sh.Prime.COM.      IN   ISDN      150862028003217 004

   (Note: "1" is the country code for the North American Integrated
   Numbering Area, i.e., the system of "area codes" familiar to people
   in those countries.)

   The RR data is the ASCII representation of the digits.  It is encoded
   as one or two <character-string>s, i.e., count followed by

   CCITT recommendation E.166 [9] defines prefix escape codes for the
   representation of ISDN (E.163/E.164) addresses in X.121, and PSDN
   (X.121) addresses in E.164.  It specifies that the exact codes are a
   "national matter", i.e., different on different networks.  A host
   connected to the ISDN may be able to use both the X25 and ISDN
   addresses, with the local prefix added.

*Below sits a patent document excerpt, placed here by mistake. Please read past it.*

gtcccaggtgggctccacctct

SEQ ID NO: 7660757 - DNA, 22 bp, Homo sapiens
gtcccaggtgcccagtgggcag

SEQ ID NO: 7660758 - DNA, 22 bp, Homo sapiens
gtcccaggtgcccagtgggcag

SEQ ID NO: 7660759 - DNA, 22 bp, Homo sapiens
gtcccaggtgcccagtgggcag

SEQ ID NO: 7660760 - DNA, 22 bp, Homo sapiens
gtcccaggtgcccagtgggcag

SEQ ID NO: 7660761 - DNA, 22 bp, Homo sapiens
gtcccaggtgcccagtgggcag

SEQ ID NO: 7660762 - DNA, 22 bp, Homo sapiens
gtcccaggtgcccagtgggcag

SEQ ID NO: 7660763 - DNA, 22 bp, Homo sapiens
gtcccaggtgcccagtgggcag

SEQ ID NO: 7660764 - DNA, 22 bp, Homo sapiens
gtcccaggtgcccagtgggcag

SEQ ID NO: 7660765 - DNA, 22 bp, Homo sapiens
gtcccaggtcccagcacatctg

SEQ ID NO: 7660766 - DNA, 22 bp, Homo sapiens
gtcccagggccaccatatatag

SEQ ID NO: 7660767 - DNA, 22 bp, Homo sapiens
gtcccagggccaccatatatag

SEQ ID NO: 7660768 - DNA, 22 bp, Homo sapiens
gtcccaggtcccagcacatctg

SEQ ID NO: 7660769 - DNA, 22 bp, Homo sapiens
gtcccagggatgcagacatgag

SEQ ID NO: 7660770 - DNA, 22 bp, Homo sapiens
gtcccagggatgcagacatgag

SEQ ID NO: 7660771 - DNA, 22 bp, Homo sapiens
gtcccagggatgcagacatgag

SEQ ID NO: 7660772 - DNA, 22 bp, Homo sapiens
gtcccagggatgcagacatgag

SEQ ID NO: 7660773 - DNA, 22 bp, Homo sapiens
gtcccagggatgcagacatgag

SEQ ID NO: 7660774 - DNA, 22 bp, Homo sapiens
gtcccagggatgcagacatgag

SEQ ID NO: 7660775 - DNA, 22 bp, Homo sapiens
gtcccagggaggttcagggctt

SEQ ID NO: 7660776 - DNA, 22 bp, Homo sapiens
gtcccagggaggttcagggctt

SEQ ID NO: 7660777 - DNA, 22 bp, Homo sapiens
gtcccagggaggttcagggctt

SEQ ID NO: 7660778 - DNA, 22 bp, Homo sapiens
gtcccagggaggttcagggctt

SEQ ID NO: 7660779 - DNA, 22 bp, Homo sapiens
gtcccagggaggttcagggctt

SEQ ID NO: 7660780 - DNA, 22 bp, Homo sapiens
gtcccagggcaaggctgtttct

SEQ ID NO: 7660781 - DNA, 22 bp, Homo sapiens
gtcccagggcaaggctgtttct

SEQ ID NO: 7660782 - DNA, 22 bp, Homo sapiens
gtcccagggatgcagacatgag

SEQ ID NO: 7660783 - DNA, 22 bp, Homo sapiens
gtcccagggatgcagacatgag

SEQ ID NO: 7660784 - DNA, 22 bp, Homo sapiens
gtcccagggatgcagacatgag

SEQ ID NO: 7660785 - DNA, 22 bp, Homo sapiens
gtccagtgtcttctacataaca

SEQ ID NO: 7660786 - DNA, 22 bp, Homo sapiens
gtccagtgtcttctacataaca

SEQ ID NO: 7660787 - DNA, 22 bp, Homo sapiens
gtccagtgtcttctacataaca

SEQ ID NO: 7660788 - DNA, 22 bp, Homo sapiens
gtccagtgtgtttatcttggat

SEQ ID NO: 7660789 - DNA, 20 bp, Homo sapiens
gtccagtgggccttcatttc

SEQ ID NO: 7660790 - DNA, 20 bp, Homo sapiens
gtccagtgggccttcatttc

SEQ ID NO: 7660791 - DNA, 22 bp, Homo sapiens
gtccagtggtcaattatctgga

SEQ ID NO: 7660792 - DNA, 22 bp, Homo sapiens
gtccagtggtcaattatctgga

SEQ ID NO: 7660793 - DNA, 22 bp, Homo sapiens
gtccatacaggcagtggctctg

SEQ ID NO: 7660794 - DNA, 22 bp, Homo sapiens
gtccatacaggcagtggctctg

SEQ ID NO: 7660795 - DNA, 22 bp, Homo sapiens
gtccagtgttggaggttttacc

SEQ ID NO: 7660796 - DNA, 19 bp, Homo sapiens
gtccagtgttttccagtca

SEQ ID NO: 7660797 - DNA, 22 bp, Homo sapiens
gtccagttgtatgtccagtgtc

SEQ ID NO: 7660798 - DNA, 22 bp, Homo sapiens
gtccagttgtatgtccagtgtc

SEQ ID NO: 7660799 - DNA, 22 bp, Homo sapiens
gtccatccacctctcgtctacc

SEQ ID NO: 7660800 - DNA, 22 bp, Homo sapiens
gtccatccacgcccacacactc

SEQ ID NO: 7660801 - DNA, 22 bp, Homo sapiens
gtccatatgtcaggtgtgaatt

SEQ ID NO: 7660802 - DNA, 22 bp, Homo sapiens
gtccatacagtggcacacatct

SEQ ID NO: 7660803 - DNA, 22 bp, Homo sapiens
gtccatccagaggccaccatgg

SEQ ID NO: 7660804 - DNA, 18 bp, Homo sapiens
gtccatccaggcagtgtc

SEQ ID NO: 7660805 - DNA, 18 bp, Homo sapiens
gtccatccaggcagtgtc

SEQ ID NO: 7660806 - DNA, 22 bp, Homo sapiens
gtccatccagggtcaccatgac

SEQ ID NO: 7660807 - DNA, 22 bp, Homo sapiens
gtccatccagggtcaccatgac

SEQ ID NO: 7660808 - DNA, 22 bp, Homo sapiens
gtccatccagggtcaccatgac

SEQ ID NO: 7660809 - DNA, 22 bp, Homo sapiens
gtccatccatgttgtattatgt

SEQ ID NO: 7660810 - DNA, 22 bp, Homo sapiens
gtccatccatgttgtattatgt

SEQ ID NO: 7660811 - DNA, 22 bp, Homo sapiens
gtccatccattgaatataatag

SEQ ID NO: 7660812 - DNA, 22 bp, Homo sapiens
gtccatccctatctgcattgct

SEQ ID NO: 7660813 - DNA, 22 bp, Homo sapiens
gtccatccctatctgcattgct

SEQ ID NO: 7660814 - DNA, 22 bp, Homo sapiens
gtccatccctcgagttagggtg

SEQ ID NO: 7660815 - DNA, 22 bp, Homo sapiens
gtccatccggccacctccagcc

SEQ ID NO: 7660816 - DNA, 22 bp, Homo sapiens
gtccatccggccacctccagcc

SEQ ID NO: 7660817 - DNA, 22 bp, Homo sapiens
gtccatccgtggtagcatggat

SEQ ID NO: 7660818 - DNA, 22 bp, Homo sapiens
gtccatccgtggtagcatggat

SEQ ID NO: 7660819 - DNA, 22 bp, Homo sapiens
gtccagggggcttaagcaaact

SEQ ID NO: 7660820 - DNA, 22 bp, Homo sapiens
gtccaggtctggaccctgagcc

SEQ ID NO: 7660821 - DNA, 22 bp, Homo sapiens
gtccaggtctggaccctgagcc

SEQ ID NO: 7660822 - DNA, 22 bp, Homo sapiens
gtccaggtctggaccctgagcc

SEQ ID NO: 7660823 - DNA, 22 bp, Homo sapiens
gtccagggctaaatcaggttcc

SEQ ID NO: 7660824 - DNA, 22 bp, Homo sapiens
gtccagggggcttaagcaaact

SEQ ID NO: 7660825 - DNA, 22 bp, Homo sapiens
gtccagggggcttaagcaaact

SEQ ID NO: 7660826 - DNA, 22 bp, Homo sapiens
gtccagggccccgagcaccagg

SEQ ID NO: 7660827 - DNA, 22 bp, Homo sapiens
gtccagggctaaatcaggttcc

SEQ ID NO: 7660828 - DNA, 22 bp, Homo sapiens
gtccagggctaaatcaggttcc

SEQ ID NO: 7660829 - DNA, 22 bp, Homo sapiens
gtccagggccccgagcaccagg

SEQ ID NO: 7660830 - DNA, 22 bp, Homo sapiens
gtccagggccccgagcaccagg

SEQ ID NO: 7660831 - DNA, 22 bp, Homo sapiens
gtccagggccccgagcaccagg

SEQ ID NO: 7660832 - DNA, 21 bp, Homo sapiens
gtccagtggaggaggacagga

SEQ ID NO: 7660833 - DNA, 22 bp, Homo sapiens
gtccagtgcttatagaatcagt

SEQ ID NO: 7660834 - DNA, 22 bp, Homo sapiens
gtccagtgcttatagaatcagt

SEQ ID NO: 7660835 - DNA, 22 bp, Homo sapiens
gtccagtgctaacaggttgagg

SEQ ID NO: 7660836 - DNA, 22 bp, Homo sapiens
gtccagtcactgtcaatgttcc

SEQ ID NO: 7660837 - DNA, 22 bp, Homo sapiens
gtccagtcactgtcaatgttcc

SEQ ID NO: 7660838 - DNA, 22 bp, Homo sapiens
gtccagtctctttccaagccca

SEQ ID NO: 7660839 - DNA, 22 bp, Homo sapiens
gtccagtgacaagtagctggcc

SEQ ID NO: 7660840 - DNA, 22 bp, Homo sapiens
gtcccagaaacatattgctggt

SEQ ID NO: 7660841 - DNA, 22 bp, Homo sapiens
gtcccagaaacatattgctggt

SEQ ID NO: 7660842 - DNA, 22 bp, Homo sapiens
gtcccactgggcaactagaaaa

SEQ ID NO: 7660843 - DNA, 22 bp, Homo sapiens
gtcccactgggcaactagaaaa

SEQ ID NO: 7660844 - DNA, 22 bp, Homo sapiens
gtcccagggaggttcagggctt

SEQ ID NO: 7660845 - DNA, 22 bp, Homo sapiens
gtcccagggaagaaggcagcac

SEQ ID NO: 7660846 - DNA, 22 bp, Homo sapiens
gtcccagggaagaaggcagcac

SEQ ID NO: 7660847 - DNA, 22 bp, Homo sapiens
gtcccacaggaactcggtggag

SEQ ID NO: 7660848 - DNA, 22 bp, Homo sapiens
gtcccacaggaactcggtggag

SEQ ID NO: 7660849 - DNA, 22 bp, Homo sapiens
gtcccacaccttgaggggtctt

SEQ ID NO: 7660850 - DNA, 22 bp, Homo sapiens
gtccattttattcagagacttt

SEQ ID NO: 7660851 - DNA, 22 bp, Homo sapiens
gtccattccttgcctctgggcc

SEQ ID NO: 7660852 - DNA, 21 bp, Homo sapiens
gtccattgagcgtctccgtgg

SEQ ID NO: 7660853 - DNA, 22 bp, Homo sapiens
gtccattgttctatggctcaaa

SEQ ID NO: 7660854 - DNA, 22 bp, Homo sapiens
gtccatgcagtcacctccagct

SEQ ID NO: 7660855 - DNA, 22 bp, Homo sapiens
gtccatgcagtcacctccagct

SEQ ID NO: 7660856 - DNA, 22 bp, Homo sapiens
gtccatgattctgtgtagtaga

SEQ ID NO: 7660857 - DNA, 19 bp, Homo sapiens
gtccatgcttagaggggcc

3.3. The Route Through RR

   The Route Through RR is defined with mnemonic RT and type code 21

   The RT resource record provides a route-through binding for hosts
   that do not have their own direct wide area network addresses.  It is
   used in much the same way as the MX RR.

   RT has the following format:

   <owner> <ttl> <class> RT <preference> <intermediate-host>

   Both RDATA fields are required in all RT RRs.

   The first field, <preference>, is a 16 bit integer, representing the
   preference of the route.  Smaller numbers indicate more preferred

   <intermediate-host> is the domain name of a host which will serve as
   an intermediate in reaching the host specified by <owner>.  The DNS
   RRs associated with <intermediate-host> are expected to include at
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   least one A, X25, or ISDN record.

   The format of the RT RR is class insensitive.  RT records cause type
   X25, ISDN, and A additional section processing for <intermediate-

   For example,      IN   RT   2    Relay.Prime.COM.
                      IN   RT   10   NET.Prime.COM.